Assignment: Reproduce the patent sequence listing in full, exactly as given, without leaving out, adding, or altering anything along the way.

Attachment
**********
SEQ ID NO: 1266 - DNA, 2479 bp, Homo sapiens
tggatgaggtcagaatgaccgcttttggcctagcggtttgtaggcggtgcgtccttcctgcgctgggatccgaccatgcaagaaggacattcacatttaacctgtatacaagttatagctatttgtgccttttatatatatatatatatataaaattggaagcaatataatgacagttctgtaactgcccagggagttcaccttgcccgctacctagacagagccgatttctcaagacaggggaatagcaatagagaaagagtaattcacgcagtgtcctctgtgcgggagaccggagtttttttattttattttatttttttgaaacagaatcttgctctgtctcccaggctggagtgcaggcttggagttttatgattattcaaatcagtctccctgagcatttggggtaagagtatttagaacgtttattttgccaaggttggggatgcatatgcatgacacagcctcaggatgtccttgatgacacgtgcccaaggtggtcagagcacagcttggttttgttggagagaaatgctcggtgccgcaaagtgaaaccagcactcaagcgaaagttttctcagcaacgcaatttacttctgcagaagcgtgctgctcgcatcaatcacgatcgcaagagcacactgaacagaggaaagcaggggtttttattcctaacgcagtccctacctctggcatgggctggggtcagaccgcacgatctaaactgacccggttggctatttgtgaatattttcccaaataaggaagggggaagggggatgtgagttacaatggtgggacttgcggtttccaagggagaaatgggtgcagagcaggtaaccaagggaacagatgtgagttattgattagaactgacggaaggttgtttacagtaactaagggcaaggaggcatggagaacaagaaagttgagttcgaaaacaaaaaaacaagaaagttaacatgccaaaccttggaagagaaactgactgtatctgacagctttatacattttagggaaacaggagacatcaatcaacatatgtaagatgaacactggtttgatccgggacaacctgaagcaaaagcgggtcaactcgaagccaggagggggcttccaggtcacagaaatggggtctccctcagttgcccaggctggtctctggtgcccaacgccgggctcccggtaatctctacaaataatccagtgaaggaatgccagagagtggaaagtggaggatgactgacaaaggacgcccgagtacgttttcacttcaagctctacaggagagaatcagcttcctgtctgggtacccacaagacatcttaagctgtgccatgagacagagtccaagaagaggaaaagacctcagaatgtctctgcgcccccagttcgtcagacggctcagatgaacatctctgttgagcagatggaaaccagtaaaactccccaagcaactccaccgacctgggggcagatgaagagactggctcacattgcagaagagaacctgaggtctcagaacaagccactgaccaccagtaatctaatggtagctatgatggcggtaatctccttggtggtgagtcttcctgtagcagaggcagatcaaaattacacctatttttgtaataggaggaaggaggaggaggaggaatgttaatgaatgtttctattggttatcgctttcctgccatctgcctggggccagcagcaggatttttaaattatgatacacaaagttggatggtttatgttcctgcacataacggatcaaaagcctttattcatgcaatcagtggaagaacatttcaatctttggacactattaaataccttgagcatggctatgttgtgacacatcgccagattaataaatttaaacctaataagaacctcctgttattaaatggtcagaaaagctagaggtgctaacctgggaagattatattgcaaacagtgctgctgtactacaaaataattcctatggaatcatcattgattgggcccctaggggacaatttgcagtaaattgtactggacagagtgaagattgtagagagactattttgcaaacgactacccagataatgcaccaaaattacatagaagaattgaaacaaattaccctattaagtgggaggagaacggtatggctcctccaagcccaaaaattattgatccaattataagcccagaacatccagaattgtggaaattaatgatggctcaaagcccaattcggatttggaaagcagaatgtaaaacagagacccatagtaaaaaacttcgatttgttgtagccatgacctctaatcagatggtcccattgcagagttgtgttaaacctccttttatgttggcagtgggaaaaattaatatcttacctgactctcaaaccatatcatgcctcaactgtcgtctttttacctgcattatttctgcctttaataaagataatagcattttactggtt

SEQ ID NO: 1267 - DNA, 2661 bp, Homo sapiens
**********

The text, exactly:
SEQ ID NO: 1266 - DNA, 2479 bp, Homo sapiens
tggatgaggtcagaatgaccgcttttggcctagcggtttgtaggcggtgcgtccttcctgcgctgggatccgaccatgcaagaaggacattcacatttaacctgtatacaagttatagctatttgtgccttttatatatatatatatatataaaattggaagcaatataatgacagttctgtaactgcccagggagttcaccttgcccgctacctagacagagccgatttctcaagacaggggaatagcaatagagaaagagtaattcacgcagtgtcctctgtgcgggagaccggagtttttttattttattttatttttttgaaacagaatcttgctctgtctcccaggctggagtgcaggcttggagttttatgattattcaaatcagtctccctgagcatttggggtaagagtatttagaacgtttattttgccaaggttggggatgcatatgcatgacacagcctcaggatgtccttgatgacacgtgcccaaggtggtcagagcacagcttggttttgttggagagaaatgctcggtgccgcaaagtgaaaccagcactcaagcgaaagttttctcagcaacgcaatttacttctgcagaagcgtgctgctcgcatcaatcacgatcgcaagagcacactgaacagaggaaagcaggggtttttattcctaacgcagtccctacctctggcatgggctggggtcagaccgcacgatctaaactgacccggttggctatttgtgaatattttcccaaataaggaagggggaagggggatgtgagttacaatggtgggacttgcggtttccaagggagaaatgggtgcagagcaggtaaccaagggaacagatgtgagttattgattagaactgacggaaggttgtttacagtaactaagggcaaggaggcatggagaacaagaaagttgagttcgaaaacaaaaaaacaagaaagttaacatgccaaaccttggaagagaaactgactgtatctgacagctttatacattttagggaaacaggagacatcaatcaacatatgtaagatgaacactggtttgatccgggacaacctgaagcaaaagcgggtcaactcgaagccaggagggggcttccaggtcacagaaatggggtctccctcagttgcccaggctggtctctggtgcccaacgccgggctcccggtaatctctacaaataatccagtgaaggaatgccagagagtggaaagtggaggatgactgacaaaggacgcccgagtacgttttcacttcaagctctacaggagagaatcagcttcctgtctgggtacccacaagacatcttaagctgtgccatgagacagagtccaagaagaggaaaagacctcagaatgtctctgcgcccccagttcgtcagacggctcagatgaacatctctgttgagcagatggaaaccagtaaaactccccaagcaactccaccgacctgggggcagatgaagagactggctcacattgcagaagagaacctgaggtctcagaacaagccactgaccaccagtaatctaatggtagctatgatggcggtaatctccttggtggtgagtcttcctgtagcagaggcagatcaaaattacacctatttttgtaataggaggaaggaggaggaggaggaatgttaatgaatgtttctattggttatcgctttcctgccatctgcctggggccagcagcaggatttttaaattatgatacacaaagttggatggtttatgttcctgcacataacggatcaaaagcctttattcatgcaatcagtggaagaacatttcaatctttggacactattaaataccttgagcatggctatgttgtgacacatcgccagattaataaatttaaacctaataagaacctcctgttattaaatggtcagaaaagctagaggtgctaacctgggaagattatattgcaaacagtgctgctgtactacaaaataattcctatggaatcatcattgattgggcccctaggggacaatttgcagtaaattgtactggacagagtgaagattgtagagagactattttgcaaacgactacccagataatgcaccaaaattacatagaagaattgaaacaaattaccctattaagtgggaggagaacggtatggctcctccaagcccaaaaattattgatccaattataagcccagaacatccagaattgtggaaattaatgatggctcaaagcccaattcggatttggaaagcagaatgtaaaacagagacccatagtaaaaaacttcgatttgttgtagccatgacctctaatcagatggtcccattgcagagttgtgttaaacctccttttatgttggcagtgggaaaaattaatatcttacctgactctcaaaccatatcatgcctcaactgtcgtctttttacctgcattatttctgcctttaataaagataatagcattttactggtt

SEQ ID NO: 1267 - DNA, 2661 bp, Homo sapiens